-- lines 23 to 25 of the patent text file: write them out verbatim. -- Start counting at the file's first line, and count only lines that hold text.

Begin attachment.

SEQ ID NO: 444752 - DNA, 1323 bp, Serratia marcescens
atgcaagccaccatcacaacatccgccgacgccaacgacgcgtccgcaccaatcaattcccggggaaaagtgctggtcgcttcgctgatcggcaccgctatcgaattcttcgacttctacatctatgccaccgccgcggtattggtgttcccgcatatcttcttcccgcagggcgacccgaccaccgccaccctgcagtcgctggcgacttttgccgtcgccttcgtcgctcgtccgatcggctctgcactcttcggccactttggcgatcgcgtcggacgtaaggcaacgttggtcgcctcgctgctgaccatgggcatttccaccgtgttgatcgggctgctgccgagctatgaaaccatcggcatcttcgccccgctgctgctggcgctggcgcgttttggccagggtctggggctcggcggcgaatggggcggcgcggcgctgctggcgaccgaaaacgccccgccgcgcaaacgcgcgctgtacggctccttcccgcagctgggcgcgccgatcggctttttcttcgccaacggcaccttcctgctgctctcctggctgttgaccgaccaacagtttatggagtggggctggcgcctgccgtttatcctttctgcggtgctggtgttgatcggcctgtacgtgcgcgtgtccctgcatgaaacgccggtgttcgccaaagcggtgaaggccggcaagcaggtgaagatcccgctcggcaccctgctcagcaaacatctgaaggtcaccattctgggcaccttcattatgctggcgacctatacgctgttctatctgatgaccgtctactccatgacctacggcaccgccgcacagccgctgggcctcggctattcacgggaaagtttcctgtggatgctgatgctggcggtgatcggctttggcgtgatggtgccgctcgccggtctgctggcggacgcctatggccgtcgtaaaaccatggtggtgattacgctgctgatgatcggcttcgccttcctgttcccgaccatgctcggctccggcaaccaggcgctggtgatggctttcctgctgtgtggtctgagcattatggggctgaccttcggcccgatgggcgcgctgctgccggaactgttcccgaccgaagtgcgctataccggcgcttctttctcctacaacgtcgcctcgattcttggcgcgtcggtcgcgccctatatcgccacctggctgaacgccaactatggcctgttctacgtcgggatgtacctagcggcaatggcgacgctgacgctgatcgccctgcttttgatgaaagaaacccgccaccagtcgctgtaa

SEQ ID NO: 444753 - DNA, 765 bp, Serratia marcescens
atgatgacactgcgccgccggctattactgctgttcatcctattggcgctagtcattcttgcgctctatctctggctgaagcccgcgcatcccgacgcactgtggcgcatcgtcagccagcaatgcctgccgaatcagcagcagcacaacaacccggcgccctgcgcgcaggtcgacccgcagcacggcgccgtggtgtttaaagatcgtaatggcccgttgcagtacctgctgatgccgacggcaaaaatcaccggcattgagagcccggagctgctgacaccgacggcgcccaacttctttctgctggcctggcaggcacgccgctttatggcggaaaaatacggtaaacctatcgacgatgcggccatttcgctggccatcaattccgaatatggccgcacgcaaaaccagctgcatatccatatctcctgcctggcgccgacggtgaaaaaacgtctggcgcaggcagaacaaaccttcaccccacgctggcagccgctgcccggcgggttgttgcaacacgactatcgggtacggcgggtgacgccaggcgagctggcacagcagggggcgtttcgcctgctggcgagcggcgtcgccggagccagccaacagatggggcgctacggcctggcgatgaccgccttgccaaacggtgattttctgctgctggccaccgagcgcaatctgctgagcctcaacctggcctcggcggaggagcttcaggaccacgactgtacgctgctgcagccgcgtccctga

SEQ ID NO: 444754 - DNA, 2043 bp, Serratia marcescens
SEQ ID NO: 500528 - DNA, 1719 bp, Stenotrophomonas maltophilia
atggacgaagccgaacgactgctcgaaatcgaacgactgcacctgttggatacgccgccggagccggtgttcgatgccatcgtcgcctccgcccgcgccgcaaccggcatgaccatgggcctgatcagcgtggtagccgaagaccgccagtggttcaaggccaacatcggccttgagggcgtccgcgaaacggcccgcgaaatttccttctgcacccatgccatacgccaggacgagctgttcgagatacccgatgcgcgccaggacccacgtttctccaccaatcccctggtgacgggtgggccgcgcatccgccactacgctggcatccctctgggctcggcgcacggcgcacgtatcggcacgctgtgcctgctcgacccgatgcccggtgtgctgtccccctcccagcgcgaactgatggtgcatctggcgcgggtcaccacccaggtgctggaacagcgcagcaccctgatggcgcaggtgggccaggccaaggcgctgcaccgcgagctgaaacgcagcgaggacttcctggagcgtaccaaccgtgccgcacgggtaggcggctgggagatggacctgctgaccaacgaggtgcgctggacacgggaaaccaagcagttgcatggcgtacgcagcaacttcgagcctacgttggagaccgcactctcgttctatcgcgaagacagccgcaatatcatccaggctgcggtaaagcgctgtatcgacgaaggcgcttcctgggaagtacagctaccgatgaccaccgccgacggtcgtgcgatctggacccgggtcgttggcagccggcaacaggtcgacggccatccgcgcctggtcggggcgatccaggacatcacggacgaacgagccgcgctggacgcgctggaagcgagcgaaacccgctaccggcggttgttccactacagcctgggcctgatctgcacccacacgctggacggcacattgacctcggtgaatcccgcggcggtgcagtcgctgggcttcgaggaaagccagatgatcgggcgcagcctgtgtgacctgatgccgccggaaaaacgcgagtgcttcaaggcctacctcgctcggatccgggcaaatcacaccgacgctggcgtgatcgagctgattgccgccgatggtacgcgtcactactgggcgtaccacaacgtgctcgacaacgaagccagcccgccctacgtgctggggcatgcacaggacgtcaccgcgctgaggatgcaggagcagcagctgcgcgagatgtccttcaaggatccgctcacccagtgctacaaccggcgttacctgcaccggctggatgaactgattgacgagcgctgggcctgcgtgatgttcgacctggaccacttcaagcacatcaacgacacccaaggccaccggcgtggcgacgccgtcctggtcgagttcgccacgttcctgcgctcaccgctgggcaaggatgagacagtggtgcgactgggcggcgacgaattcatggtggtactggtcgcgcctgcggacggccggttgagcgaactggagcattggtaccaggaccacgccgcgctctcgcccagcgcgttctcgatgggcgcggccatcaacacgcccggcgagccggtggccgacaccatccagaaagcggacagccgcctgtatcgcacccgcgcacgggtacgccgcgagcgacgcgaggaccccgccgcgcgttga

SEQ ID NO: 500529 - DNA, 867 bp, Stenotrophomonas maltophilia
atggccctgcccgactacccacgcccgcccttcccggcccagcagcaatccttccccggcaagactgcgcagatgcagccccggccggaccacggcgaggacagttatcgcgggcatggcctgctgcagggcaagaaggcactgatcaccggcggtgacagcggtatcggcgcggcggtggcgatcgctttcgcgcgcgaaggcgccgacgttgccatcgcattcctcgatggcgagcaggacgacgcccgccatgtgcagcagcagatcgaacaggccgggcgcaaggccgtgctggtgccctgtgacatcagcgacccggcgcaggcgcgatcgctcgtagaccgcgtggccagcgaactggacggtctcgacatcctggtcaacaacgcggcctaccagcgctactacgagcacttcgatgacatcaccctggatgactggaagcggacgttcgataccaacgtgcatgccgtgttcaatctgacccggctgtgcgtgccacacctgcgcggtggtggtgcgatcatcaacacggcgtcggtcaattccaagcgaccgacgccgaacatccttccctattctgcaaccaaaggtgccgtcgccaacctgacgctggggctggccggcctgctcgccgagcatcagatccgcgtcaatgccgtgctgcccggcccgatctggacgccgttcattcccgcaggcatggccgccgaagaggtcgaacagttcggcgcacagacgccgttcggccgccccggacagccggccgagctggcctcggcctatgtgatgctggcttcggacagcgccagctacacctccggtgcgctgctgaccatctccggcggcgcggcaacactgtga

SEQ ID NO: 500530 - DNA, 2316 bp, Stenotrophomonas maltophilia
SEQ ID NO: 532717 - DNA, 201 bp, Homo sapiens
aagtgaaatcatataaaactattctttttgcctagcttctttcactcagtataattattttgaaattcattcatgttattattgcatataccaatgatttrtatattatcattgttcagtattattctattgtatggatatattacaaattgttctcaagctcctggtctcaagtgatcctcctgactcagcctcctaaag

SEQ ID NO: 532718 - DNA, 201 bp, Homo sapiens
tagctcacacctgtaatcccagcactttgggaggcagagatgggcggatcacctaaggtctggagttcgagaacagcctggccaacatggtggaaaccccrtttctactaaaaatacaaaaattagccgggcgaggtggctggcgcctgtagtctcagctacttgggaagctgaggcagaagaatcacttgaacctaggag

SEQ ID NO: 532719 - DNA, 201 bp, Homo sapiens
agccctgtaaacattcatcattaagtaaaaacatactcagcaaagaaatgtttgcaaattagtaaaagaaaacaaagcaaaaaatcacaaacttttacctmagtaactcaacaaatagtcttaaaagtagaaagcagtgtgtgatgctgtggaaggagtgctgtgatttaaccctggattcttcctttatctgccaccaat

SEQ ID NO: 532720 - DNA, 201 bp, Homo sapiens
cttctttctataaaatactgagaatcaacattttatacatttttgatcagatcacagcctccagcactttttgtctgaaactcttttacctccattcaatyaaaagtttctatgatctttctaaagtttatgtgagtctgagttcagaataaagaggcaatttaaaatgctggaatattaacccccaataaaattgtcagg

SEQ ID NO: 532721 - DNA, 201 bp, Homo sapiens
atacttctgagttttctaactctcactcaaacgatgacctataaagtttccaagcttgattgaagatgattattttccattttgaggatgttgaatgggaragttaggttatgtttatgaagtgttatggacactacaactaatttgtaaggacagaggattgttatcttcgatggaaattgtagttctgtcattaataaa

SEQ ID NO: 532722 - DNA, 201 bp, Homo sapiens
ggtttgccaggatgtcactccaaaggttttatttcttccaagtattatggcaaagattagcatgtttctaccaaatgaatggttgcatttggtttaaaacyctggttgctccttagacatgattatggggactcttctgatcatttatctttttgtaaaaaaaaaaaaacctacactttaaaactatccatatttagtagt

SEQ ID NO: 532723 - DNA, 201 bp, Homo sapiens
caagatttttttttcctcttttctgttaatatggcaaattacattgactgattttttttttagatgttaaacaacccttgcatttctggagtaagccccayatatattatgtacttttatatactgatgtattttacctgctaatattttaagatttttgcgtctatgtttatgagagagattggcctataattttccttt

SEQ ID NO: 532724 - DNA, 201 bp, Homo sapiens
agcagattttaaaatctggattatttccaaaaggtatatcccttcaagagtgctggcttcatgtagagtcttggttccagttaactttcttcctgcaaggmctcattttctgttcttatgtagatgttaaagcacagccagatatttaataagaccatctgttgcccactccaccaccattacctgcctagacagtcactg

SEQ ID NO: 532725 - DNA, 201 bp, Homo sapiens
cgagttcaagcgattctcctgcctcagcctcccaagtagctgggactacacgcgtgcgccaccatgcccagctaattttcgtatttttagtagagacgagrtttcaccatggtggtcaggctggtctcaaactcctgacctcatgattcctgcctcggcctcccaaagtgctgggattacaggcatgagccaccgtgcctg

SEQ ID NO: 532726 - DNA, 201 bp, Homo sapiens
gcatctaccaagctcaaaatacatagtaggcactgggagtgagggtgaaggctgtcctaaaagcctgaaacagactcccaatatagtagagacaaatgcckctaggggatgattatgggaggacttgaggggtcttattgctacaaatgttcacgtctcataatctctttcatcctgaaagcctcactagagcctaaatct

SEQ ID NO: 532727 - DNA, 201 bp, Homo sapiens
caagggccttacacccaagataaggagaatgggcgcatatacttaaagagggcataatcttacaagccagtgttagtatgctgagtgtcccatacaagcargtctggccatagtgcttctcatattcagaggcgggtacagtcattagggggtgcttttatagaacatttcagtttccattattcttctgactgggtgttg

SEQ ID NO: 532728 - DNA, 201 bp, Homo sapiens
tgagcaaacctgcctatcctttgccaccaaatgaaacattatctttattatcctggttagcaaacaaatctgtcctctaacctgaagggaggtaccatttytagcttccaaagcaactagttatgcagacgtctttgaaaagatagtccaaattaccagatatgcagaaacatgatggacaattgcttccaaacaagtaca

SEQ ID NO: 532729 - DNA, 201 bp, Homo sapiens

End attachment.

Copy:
SEQ ID NO: 532723 - DNA, 201 bp, Homo sapiens
caagatttttttttcctcttttctgttaatatggcaaattacattgactgattttttttttagatgttaaacaacccttgcatttctggagtaagccccayatatattatgtacttttatatactgatgtattttacctgctaatattttaagatttttgcgtctatgtttatgagagagattggcctataattttccttt

SEQ ID NO: 532724 - DNA, 201 bp, Homo sapiens